Please re-read my posts on this, Mava, since I’m done repeating my point. RA

mario cavolo January 1, 2014 at 1:22 am

Sweet spot on calls wrapping up the year with the market rally and gold’s swan dive to your 1184ish target, Happy New Year to you and yours!

Cheers, Mario


Thanks, Mario — and all the best to you and your family in 2014. RA

mava January 1, 2014 at 8:49 am

Happy New Year!

Andy Gutterman January 1, 2014 at 3:26 pm

Woodrow Wilson signed the 1913 Federal Reserve Act. A few years later he wrote:

I am a most unhappy man. I have unwittingly ruined my country. A great industrial nation is controlled by its system of credit. Our system of credit is concentrated. The growth of the nation, therefore, and all our activities are in the hands of a few men. We have come to be one of the worst ruled, one of the most completely controlled and dominated Governments in the civilized world no longer a Government by free opinion, no longer a Government by conviction and the vote of the majority, but a Government by the opinion and duress of a small group of dominant men. -Woodrow Wilson

VILE VLAD January 2, 2014 at 3:03 am

Your tacking another week to this discussion of inflation vs. deflation is a total bore. But then again, it’s the ‘holidays’, and so you want to rest, and not think. So no problema. But this site will stink until you bring up something real to discuss.


Here’s your chance to produce the next Topic of the Week, Vlad. Please get it to me by Saturday if you’re interested. Incidentally, your first effort — What Rick thinks, and why he does what he does — is hardly fodder for a good week’s discussion. Your thoughts about being one of the 10% might be worth developing, though.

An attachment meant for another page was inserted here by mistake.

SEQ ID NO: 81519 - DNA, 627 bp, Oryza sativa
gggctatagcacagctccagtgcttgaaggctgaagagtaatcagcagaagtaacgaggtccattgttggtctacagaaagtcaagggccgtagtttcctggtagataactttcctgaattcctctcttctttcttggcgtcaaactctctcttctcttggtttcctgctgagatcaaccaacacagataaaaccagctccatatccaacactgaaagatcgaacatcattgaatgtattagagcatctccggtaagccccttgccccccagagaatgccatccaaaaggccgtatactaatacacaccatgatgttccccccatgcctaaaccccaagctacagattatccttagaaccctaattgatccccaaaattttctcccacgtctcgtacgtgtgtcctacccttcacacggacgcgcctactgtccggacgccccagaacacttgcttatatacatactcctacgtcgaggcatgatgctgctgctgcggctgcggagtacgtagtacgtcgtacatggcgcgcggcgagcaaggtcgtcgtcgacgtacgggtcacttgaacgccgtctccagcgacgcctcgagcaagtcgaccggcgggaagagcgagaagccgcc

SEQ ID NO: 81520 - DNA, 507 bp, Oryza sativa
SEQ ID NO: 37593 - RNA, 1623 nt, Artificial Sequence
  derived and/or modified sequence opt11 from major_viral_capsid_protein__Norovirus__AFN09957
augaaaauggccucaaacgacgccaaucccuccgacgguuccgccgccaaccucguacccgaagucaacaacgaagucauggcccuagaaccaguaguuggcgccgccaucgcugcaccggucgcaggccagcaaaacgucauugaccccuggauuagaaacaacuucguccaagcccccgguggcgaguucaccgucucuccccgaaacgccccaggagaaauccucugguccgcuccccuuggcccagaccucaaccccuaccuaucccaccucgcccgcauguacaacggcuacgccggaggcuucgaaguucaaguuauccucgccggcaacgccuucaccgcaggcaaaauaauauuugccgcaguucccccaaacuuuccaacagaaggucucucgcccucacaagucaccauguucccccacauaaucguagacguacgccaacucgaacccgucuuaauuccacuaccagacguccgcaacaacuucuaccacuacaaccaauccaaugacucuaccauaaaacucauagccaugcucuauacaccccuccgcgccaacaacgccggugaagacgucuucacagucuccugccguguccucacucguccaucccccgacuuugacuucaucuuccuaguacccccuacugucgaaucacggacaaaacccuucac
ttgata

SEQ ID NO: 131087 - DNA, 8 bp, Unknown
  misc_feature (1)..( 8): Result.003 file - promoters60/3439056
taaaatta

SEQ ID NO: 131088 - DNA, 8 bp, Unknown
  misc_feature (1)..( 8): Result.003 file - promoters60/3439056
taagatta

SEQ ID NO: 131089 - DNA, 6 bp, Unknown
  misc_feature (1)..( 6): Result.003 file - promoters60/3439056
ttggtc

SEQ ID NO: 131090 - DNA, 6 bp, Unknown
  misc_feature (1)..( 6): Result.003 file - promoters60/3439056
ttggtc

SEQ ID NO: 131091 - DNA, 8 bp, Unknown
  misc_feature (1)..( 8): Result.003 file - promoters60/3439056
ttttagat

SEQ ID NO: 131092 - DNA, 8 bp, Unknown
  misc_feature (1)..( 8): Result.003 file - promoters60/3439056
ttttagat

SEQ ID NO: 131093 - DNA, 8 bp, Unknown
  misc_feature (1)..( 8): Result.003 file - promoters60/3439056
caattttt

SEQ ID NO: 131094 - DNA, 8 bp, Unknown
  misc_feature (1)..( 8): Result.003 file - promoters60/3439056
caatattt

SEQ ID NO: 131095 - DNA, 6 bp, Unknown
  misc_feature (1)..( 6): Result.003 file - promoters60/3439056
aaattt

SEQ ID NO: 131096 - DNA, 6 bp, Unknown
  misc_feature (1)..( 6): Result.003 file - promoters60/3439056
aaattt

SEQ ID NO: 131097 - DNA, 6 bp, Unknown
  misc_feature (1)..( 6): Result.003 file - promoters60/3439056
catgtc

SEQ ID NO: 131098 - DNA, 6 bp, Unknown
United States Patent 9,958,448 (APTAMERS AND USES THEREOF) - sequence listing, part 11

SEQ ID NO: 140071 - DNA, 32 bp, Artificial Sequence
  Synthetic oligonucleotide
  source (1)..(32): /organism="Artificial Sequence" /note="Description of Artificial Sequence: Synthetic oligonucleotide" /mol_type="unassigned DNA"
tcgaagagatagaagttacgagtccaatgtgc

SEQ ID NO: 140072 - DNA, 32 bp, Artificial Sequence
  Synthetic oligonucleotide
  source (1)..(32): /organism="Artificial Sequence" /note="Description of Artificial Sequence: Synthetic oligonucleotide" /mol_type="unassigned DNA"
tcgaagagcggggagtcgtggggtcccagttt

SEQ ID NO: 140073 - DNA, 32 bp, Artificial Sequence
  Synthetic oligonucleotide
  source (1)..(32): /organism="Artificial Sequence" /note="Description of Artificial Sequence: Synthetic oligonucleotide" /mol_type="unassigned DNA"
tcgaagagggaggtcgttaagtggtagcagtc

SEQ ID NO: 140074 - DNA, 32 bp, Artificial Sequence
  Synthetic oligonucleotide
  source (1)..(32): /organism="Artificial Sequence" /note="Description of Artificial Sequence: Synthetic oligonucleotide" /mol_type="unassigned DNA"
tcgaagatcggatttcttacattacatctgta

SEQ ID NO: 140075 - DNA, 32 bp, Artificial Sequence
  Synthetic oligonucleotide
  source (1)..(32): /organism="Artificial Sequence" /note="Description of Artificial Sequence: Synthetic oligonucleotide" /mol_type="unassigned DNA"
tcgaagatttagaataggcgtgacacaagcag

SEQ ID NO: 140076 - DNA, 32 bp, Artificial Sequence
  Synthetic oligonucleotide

mava January 2, 2014 at 10:03 pm

I do not want to bore anyone with endless arguments. Anyone, that is, who is not interested to know the truth.

I’d like to clear one of my points that is currently at risk of being confused.

I was responding to Andy’s statement that I have understood as “debt default reduces money supply”.

I argue that the debt default does not reduce the money supply, and therefore, those who define the deflation classically, as a reduction in money supply, must conclude that the debt default itself does not cause the deflation.

RA:”Okay. So both seller and lender have $550K in their respective pockets, all attributable to a house on which payments have ceased? Wrong wrong wrong. You are failing to see the big picture, Mava, which is simply this: After discharging our collective debts and liabilities through hyperinflation or deflation (take your pick), including those folded into a quadrillion dollar derivatives bubble, nobody will have ANYTHING. RA”